7 Ways to Recharge Creativity After an Art Opening

"Beautiful Nuisance"

Hanging artwork for a show and preparing for an opening can take a lot out of you. As discussed in my last post I ended up mentally exhausted and needing to withdraw for a few days.

But this morning a strange thing happened - I woke up recharged, brimming once again with ideas and longingly looking towards my studio. I got to wondering what it was that I had done to so swiftly bring back the Muse. After analyzing my week I think I have a recipe that anyone can follow:

1. Catch Up On Sleep
I always push myself to the limit when working towards a show. Last week was no exception. By the time I made it home from the opening I was ready to zonk out hard. I slept a full 11 hours in one night. I've read that getting regular sleep helps fuel creativity and it makes sense. How can you be creative when you haven't spent nearly enough time dreaming?

2. Spend One Day “Vegging” 
I've had a long standing tradition of allowing myself one day off after a show. A day where I try to just relax and recoup. The day after an opening I try not to have anything scheduled. No obligations, no social plans, nothing. I'll catch up on a book I want to read, go for a long walk or in this particular instance, finally finish watching the last few episodes of LOST.

3. Visit with Friends and Family
Working towards a show means that I will end up having to say "no" to several invitations to social events for the weeks leading up to the opening. And openings themselves are never a good time for any sort of a lengthy chat. So this week I made a point to spend time catching up with friends and housemates. Finding out what is going on in their lives that I've missed connects me back into my own life. Creativity can be pretty isolating at times so I really try to find balance by being social on my off days.

4. Catch Up On the Household
The things I've put on hold really start to knaw at me by opening night. Things like laundry, dishes and sorting mail just don't seem important when I'm working through layers of fur and feathers. But once I finish and come bleary eyed out of the studio the things I have neglected suddenly can seem overwhelming.  The space for creativity will not come back to me until I've tidied up a bit. Good thing that laundry and bill sorting can be done while watching LOST episodes. (Yep... I even multitask when I'm vegging out. Sad... I know.)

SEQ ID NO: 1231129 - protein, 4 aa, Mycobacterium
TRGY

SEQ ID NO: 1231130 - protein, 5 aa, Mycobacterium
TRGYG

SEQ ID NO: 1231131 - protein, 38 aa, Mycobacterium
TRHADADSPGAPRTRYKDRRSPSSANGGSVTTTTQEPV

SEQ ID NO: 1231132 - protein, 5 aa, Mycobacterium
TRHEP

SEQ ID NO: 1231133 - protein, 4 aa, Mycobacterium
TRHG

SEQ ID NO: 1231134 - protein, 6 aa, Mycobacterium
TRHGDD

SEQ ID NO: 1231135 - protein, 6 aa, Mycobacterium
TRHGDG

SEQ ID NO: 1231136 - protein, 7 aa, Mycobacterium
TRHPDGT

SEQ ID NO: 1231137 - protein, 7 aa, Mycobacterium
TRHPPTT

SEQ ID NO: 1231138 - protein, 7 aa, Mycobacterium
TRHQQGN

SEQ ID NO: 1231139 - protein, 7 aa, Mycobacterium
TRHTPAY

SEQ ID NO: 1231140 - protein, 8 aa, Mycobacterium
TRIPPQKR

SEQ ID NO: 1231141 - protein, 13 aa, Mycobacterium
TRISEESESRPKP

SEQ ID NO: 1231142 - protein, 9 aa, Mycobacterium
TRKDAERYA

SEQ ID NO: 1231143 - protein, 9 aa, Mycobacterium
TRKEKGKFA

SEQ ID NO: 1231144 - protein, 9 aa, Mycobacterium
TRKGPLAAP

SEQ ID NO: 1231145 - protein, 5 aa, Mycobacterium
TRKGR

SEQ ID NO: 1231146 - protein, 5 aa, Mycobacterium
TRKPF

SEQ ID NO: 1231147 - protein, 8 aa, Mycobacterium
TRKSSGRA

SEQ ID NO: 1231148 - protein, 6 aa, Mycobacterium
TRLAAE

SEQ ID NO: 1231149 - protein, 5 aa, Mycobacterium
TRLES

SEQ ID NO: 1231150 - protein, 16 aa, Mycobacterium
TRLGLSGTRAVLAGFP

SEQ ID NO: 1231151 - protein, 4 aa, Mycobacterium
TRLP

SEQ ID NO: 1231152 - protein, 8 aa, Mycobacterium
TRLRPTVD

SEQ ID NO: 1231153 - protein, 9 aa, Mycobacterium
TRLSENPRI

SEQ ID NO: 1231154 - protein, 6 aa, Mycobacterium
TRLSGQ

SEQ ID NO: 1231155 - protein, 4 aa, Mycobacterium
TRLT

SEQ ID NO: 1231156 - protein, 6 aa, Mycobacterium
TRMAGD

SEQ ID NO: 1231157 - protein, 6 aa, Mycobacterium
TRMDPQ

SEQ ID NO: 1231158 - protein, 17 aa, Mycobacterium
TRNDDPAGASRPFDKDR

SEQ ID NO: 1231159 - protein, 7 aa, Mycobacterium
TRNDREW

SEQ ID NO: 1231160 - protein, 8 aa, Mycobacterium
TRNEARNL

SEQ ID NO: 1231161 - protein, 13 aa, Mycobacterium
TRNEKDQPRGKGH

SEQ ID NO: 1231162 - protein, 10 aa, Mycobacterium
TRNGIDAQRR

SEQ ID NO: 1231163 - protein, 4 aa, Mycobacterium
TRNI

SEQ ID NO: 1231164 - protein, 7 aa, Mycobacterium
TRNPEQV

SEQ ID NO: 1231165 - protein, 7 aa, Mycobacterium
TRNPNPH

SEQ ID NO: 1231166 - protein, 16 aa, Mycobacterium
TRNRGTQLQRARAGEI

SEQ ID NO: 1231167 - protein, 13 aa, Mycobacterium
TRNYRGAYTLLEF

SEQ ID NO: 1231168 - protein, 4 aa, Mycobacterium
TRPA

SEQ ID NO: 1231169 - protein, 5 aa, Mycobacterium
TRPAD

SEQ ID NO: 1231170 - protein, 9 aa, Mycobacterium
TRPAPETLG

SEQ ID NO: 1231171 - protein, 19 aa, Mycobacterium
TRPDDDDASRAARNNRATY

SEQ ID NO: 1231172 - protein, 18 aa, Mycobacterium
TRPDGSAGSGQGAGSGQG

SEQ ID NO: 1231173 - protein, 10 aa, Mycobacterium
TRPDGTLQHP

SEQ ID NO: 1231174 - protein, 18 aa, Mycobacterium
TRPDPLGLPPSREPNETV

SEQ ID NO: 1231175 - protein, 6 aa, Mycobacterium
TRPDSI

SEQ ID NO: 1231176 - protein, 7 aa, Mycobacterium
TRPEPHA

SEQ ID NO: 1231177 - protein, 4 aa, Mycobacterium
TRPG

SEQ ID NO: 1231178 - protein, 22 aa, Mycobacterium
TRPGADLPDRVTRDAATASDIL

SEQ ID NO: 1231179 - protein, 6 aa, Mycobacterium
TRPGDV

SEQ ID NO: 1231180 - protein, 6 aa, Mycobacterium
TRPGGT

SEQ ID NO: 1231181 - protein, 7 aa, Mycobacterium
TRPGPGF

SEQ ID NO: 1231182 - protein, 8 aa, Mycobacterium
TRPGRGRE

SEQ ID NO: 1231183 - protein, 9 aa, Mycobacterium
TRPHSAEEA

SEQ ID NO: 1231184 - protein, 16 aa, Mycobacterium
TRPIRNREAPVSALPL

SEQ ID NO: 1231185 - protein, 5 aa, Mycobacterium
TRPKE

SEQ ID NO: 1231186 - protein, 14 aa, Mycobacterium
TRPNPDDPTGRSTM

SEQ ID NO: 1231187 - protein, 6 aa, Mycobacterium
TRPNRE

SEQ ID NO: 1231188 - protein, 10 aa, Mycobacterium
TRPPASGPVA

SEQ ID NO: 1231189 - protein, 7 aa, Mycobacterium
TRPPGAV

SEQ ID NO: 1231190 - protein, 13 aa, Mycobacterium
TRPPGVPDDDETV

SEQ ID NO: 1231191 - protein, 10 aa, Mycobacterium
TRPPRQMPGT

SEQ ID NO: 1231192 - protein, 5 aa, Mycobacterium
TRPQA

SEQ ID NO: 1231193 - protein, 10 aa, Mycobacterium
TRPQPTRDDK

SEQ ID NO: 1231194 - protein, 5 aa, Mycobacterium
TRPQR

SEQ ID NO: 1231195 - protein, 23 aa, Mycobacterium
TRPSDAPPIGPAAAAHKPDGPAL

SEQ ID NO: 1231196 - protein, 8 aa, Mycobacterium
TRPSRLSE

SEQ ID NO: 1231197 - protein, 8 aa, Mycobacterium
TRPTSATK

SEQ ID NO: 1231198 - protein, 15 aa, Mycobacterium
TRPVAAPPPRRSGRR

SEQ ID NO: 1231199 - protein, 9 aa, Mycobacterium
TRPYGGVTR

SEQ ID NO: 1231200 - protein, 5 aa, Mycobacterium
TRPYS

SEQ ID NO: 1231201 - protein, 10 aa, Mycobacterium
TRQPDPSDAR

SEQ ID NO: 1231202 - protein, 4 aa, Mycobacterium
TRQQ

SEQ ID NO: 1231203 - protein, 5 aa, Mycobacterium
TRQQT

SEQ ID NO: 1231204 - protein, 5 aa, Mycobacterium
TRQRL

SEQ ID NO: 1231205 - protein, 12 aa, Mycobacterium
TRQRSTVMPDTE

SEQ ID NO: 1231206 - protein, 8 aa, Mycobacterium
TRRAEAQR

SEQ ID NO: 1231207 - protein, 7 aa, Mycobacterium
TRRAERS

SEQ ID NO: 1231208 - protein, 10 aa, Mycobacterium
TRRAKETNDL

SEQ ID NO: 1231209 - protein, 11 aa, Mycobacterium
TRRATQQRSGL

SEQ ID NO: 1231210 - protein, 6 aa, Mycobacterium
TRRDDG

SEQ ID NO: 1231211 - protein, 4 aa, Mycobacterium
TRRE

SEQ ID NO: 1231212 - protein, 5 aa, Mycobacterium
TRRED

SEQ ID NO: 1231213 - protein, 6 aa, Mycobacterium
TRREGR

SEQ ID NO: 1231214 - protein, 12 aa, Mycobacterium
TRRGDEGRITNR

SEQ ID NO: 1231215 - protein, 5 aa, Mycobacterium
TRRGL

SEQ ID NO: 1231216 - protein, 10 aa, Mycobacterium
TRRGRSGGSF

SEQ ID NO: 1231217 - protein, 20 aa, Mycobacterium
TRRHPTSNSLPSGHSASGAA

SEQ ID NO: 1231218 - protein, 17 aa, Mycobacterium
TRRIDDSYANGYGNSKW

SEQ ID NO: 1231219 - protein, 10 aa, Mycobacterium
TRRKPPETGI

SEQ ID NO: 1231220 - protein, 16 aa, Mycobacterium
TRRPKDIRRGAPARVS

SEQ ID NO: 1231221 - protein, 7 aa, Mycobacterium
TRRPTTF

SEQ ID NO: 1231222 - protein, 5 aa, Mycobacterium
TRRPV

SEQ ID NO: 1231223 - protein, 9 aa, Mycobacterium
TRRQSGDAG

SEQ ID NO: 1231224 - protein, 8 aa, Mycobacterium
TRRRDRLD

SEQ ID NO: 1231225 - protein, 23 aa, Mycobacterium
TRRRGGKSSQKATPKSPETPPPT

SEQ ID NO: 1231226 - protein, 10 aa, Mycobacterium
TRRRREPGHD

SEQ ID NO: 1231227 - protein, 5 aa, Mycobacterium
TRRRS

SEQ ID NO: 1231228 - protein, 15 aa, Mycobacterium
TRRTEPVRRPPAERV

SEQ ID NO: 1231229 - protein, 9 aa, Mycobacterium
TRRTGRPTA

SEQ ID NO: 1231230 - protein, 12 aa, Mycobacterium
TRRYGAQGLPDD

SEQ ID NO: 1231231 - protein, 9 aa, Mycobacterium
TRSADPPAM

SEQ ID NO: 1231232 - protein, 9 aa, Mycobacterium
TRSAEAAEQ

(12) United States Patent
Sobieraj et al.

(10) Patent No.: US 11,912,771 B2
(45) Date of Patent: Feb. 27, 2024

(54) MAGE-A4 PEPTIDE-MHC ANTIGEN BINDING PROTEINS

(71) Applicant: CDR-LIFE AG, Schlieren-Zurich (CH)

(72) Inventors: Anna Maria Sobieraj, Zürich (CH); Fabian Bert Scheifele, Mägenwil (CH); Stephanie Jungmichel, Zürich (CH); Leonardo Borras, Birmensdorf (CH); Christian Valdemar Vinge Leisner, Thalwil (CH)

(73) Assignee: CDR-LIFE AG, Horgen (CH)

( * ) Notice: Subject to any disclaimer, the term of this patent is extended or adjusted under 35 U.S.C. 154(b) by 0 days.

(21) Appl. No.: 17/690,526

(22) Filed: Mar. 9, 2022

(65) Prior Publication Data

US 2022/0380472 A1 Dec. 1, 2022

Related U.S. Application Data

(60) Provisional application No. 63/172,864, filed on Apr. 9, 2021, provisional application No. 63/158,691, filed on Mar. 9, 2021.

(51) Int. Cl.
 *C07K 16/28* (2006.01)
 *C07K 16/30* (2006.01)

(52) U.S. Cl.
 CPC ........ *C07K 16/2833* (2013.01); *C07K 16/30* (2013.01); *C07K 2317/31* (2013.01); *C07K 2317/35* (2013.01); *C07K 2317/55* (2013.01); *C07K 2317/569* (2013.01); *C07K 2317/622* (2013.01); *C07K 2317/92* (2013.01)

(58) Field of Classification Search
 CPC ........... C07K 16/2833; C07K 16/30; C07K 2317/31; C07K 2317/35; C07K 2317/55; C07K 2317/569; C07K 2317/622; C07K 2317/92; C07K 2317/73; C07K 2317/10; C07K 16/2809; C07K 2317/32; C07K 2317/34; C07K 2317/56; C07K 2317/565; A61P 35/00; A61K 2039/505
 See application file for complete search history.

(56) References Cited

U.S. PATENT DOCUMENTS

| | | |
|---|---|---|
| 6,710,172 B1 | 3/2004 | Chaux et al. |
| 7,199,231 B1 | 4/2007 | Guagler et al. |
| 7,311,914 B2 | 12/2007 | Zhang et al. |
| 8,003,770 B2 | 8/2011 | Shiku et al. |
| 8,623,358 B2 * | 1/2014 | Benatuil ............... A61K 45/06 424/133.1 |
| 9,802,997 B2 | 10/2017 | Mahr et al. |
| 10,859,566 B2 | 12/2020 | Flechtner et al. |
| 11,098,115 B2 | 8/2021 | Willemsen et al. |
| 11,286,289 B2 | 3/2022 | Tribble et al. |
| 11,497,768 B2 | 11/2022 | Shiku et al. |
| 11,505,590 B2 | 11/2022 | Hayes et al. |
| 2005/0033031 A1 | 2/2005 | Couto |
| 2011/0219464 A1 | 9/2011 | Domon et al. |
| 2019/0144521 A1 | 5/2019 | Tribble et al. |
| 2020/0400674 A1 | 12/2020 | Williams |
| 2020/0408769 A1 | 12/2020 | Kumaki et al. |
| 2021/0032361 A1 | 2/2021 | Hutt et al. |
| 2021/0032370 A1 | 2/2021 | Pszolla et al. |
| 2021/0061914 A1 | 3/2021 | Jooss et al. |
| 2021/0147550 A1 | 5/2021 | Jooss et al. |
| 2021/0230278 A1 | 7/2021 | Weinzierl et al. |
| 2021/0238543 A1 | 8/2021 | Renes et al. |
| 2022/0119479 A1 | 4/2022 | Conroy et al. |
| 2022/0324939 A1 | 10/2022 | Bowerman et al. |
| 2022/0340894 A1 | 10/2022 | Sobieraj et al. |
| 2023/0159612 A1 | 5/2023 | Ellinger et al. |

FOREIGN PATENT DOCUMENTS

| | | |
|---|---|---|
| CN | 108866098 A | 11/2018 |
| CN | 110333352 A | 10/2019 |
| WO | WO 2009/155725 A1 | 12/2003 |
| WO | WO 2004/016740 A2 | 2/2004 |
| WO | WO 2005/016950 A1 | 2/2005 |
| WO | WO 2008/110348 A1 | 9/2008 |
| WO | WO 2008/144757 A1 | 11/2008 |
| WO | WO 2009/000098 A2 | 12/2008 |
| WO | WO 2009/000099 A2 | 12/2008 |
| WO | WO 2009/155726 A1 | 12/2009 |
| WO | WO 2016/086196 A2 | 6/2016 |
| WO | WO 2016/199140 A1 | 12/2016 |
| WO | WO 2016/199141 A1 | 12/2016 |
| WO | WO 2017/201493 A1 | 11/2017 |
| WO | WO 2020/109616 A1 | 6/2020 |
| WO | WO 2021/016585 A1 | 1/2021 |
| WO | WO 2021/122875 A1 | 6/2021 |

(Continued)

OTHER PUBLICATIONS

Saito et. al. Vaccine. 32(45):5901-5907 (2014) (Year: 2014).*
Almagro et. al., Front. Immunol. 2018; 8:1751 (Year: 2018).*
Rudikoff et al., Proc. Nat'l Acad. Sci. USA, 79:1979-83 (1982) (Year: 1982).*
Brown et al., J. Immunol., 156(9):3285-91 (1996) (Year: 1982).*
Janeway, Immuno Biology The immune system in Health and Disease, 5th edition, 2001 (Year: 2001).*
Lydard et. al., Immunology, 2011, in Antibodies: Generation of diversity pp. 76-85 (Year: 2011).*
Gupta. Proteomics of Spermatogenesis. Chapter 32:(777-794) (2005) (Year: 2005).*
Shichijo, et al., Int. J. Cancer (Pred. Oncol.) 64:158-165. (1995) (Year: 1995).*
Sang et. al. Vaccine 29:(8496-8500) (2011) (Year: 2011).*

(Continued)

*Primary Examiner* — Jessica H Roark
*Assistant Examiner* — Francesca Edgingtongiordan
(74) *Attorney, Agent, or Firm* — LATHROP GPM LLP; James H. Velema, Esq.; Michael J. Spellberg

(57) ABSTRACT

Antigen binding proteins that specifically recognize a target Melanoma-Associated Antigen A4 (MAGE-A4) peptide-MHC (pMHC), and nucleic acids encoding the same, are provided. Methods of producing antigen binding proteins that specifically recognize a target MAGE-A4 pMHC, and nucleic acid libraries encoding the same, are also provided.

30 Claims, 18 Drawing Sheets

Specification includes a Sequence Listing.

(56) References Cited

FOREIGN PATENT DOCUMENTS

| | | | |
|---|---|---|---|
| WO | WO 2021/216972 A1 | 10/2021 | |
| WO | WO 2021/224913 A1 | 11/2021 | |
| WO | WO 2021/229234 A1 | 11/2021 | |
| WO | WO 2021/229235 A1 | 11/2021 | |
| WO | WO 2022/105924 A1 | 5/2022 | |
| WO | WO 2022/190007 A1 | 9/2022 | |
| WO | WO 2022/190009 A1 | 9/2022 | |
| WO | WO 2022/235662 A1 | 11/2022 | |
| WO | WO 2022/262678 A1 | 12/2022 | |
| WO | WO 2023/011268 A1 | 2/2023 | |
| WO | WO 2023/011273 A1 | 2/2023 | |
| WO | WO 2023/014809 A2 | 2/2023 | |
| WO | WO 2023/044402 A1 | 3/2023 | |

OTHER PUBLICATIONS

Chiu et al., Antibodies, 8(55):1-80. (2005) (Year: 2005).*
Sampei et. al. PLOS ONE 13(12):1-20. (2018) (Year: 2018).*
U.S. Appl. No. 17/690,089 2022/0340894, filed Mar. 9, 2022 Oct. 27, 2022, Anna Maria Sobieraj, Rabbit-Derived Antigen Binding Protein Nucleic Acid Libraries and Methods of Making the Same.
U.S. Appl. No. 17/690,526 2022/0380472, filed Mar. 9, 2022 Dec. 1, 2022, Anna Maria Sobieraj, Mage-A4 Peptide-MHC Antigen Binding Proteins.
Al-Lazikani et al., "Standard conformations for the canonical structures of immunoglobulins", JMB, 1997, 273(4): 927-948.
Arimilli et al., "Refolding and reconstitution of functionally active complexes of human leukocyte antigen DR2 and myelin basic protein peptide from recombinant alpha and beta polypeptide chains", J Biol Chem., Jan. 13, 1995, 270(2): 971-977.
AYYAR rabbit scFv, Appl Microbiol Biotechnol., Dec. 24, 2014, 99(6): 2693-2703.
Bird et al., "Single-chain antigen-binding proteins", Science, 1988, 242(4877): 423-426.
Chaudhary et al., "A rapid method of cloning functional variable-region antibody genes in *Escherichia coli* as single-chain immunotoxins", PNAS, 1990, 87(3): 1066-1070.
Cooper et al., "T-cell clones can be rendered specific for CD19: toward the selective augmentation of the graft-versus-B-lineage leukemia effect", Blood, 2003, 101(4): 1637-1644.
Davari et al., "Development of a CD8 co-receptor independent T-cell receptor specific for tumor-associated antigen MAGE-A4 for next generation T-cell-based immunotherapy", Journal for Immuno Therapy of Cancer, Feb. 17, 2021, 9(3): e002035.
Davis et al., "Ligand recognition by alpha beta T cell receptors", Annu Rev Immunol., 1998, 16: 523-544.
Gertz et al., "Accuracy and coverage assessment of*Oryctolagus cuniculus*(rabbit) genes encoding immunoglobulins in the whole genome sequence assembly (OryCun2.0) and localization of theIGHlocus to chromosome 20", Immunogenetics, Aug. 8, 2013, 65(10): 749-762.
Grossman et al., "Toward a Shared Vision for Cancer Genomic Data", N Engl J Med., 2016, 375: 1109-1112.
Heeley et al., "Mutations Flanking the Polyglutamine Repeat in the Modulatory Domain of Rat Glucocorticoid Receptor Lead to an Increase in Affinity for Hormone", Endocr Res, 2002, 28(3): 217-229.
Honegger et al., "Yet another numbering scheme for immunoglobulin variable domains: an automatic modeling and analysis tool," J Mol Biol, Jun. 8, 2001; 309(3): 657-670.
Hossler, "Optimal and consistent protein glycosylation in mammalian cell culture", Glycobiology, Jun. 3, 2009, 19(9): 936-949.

5. Process the Show
It may seem like a chore to crop and edit images to update your website immediately with a show but I believe this needs to be done right away for two reasons. It is always good to get fresh content up online as soon as possible of course. But the second reason is that seeing your new work in conjunction with your past work can actually be inspiring. You may see a new thread for a series that you hadn't realized before or you could just be boosted by the satisfaction of seeing all your images polished and up together. 

6. Learn Something New
This here is a KEY. If you do nothing else you should at least pursue this one. I'm sure there must be some scientific research about how our brains are hardwired towards learning sparking creativity. It works - it really does. This past weekend I attended an open shop day at IsGood Woodworks which is a local wood shop collective. I learned how to make a mitered frame from reclaimed wood by using a joiner, planer and table saw. I was terrified the whole time but it also was a lot of fun. And I still have all my limbs. Bonus!

7. Doodle In Your Journal
This is one I need to work more on myself. I'm not always the best about sketching. I much prefer to just work larger and direct the wood itself. (If anyone has ever seen a wooden paged journal let me know!) But I have found that spending time just "making a mess" in my journal just about always turns out into something interesting and can often spark an idea. For this past show the largest piece in the show came about because I was drawing a tree doodle for something else. So last ditch if you've gone through all of the above and your Muse still hasn't returned to you... just pick up a sketchbook, journal or bar napkin and start scribbling color, looping lines or sketching scenes! You never know what it's going to spark.

1 comment:

Rosalie said...

All good advice. I'm starting with #1!